ONE PIPELINE for a better future
We are building a pipeline of compelling investigational therapies in indications where we believe gene therapy can have the greatest impact for people living with genetic disorders.
Our investigational therapies are being evaluated in clinical studies in Gaucher disease type 1 and type 3 and Hunter syndrome.
Discover more about how HSC gene therapy can have a head-to-toe impact
AVROBIO is studying the safety and efficacy of its investigational gene therapy in individuals with Gaucher disease type 1 (GD1) and type 3 (GD3).
The Phase 1/2 clinical trial for GD1 (named Guard1) is enrolling in the U.S. and Canada. The trial is intended to recruit 8 to 16 individuals between the ages of 16 and 50 with GD1, including both those who are treatment-naïve and those who are stable on enzyme replacement therapy.
AVROBIO plans to initiate a global registrational Phase 2/3 trial for GD3, (named Guard3) in the second half of 2023, subject to regulatory alignment.
AVROBIO’s investigational gene therapy for neuronopathic mucopolysaccharidosis type II (nMPSII or Hunter syndrome), is being studied in a Phase 1/2 clinical trial sponsored by the University of Manchester, U.K. The 24-month, single-arm, open label study will evaluate the gene therapy’s safety and tolerability, as well as its pharmacodynamic and clinical efficacy. The trial aims to recruit up to five patients with nMPS II who are aged between 3 and 12 months.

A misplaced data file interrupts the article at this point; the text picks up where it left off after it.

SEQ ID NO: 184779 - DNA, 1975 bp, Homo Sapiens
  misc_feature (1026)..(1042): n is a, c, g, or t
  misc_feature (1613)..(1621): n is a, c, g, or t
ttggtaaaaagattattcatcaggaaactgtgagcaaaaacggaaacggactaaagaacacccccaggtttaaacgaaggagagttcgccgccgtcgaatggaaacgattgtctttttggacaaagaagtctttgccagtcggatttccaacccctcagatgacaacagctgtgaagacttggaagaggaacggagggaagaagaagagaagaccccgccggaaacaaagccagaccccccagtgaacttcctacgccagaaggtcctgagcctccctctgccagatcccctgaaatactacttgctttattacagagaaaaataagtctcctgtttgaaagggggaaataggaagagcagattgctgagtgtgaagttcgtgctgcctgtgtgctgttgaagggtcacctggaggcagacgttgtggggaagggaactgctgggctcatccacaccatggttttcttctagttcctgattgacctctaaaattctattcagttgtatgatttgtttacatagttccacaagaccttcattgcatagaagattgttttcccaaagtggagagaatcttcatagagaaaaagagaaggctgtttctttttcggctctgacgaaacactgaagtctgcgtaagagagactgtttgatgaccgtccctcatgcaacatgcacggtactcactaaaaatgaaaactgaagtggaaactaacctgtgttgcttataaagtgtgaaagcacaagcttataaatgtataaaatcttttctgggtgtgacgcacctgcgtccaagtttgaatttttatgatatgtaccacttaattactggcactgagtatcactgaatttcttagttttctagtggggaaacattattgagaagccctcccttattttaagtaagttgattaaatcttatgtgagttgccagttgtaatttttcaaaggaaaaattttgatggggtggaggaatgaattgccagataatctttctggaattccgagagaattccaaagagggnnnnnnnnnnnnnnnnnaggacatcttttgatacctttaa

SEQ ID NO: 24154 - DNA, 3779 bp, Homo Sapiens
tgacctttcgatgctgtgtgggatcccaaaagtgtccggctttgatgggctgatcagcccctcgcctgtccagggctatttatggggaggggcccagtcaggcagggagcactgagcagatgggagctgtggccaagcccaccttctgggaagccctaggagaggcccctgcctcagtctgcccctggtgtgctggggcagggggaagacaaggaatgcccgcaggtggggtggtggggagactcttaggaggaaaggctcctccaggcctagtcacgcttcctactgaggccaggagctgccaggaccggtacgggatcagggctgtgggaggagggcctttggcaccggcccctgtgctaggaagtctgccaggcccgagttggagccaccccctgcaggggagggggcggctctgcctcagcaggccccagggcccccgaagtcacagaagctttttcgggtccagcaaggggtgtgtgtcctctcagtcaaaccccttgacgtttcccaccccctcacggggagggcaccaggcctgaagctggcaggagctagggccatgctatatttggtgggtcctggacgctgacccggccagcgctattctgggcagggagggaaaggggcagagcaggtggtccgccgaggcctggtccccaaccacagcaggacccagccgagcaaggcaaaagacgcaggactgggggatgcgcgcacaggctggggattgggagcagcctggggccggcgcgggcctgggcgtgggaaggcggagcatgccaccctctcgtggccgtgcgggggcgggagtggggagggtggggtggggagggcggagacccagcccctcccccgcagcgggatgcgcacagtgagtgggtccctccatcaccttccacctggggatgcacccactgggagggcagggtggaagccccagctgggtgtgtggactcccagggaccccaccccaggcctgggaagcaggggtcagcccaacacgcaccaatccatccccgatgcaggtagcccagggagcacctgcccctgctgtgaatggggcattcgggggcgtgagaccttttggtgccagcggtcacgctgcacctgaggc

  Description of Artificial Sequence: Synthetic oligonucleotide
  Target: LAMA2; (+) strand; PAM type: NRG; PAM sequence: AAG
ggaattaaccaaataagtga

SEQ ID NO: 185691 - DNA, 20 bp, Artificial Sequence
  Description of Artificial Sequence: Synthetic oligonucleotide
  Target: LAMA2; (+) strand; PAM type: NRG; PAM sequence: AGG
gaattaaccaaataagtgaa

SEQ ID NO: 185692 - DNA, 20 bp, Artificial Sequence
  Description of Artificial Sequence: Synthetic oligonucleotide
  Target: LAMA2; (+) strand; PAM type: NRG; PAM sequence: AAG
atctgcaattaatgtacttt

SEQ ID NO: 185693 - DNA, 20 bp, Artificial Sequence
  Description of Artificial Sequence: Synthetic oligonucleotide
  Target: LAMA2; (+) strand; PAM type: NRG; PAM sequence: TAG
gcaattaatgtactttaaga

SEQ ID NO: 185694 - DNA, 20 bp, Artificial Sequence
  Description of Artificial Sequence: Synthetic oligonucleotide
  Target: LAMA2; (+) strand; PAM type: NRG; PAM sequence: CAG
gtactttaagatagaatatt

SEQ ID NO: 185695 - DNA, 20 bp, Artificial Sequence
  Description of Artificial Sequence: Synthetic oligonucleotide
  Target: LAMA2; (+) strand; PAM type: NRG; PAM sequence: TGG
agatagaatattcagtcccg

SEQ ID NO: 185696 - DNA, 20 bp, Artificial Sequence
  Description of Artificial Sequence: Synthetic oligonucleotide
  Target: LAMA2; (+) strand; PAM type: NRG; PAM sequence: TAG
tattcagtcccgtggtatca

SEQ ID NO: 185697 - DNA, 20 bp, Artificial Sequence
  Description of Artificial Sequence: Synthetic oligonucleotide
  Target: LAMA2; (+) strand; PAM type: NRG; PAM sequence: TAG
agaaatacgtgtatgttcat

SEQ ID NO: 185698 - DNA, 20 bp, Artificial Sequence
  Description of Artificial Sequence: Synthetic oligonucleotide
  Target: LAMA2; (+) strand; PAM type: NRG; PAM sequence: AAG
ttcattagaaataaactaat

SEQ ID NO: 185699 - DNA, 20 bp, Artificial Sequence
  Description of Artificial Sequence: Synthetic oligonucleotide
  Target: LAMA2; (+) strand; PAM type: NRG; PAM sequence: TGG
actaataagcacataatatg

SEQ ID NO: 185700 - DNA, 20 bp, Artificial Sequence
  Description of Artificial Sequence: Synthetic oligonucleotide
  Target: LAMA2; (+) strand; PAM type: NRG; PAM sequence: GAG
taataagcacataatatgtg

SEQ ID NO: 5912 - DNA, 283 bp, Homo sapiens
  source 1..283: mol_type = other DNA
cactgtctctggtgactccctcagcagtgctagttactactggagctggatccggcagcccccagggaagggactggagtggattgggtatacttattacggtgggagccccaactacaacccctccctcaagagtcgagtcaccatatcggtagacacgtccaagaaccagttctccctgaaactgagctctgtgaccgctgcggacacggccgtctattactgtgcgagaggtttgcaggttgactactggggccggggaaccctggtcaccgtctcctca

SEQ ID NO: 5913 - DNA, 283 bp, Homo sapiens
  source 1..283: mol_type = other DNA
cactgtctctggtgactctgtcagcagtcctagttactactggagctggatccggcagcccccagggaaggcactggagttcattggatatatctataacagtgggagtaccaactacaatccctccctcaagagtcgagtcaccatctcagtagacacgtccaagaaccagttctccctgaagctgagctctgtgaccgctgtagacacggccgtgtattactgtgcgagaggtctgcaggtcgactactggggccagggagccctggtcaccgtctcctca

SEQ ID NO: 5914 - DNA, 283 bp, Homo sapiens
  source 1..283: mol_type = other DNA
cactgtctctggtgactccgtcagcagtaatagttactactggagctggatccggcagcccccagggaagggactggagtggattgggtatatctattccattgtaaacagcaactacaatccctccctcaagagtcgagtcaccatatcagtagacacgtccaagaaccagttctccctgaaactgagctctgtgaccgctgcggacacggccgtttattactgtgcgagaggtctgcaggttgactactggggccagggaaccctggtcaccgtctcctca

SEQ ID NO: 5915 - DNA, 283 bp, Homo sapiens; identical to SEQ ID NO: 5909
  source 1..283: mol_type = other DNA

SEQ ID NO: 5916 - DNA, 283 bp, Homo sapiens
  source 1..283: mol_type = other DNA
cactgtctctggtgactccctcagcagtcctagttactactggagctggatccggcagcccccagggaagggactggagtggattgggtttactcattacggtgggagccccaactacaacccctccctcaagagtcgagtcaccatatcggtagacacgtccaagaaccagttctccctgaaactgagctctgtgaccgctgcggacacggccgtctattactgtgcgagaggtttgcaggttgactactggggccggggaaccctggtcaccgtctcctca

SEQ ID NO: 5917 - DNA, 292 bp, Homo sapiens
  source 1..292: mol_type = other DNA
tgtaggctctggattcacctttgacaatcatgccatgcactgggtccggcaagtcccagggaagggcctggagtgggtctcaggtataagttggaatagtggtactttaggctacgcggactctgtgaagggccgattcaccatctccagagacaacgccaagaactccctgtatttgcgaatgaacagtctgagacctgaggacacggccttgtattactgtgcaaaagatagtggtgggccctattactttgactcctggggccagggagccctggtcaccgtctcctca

AVROBIO has a preclinical research program for a gene therapy for Pompe disease. We have shown a favorable preclinical safety and efficacy profile in a mouse model of Pompe disease.
Treating the Whole Body
Read about our personalized conditioning regimen
Read about our mission and vision.
Learn more about our personalized approach to gene therapy.
CloseToday is MPS Awareness Day (MPS II is also known as Hunter syndrome) and we want to recognize the incredible work that patient advocacy groups do year-round to support the Hunter syndrome community.
Learn more about Hunter syndrome and the patient advocacy groups’ efforts here: